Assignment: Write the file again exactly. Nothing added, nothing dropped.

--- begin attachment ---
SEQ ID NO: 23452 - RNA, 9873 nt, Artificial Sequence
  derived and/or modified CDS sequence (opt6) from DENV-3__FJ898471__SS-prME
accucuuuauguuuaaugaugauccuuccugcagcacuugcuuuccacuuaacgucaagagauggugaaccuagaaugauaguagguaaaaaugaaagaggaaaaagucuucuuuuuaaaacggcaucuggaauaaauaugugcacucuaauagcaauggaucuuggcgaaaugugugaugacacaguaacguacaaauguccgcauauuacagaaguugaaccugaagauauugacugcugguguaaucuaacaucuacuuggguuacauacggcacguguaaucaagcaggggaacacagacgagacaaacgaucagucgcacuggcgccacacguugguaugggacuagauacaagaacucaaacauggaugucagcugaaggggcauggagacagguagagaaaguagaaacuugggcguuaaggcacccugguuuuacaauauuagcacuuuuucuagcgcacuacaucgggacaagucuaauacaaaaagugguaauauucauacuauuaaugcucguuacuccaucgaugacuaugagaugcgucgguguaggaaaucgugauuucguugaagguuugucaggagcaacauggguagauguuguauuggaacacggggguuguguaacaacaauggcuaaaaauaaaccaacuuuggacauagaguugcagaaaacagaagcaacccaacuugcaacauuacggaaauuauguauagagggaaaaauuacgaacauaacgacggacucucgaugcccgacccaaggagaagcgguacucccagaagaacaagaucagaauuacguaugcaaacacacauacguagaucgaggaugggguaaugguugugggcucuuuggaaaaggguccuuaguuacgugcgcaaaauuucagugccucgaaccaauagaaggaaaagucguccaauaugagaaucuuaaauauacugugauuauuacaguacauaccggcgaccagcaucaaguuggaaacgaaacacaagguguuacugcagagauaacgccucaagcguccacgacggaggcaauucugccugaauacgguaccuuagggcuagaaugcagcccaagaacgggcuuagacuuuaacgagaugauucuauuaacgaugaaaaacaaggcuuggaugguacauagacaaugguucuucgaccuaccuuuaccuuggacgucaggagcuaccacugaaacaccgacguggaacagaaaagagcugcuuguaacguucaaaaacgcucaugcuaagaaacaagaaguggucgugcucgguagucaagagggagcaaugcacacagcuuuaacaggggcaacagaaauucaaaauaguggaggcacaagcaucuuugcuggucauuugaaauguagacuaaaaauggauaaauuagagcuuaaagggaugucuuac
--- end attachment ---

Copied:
SEQ ID NO: 23452 - RNA, 9873 nt, Artificial Sequence
  derived and/or modified CDS sequence (opt6) from DENV-3__FJ898471__SS-prME
accucuuuauguuuaaugaugauccuuccugcagcacuugcuuuccacuuaacgucaagagauggugaaccuagaaugauaguagguaaaaaugaaagaggaaaaagucuucuuuuuaaaacggcaucuggaauaaauaugugcacucuaauagcaauggaucuuggcgaaaugugugaugacacaguaacguacaaauguccgcauauuacagaaguugaaccugaagauauugacugcugguguaaucuaacaucuacuuggguuacauacggcacguguaaucaagcaggggaacacagacgagacaaacgaucagucgcacuggcgccacacguugguaugggacuagauacaagaacucaaacauggaugucagcugaaggggcauggagacagguagagaaaguagaaacuugggcguuaaggcacccugguuuuacaauauuagcacuuuuucuagcgcacuacaucgggacaagucuaauacaaaaagugguaauauucauacuauuaaugcucguuacuccaucgaugacuaugagaugcgucgguguaggaaaucgugauuucguugaagguuugucaggagcaacauggguagauguuguauuggaacacggggguuguguaacaacaauggcuaaaaauaaaccaacuuuggacauagaguugcagaaaacagaagcaacccaacuugcaacauuacggaaauuauguauagagggaaaaauuacgaacauaacgacggacucucgaugcccgacccaaggagaagcgguacucccagaagaacaagaucagaauuacguaugcaaacacacauacguagaucgaggaugggguaaugguugugggcucuuuggaaaaggguccuuaguuacgugcgcaaaauuucagugccucgaaccaauagaaggaaaagucguccaauaugagaaucuuaaauauacugugauuauuacaguacauaccggcgaccagcaucaaguuggaaacgaaacacaagguguuacugcagagauaacgccucaagcguccacgacggaggcaauucugccugaauacgguaccuuagggcuagaaugcagcccaagaacgggcuuagacuuuaacgagaugauucuauuaacgaugaaaaacaaggcuuggaugguacauagacaaugguucuucgaccuaccuuuaccuuggacgucaggagcuaccacugaaacaccgacguggaacagaaaagagcugcuuguaacguucaaaaacgcucaugcuaagaaacaagaaguggucgugcucgguagucaagagggagcaaugcacacagcuuuaacaggggcaacagaaauucaaaauaguggaggcacaagcaucuuugcuggucauuugaaauguagacuaaaaauggauaaauuagagcuuaaagggaugucuuac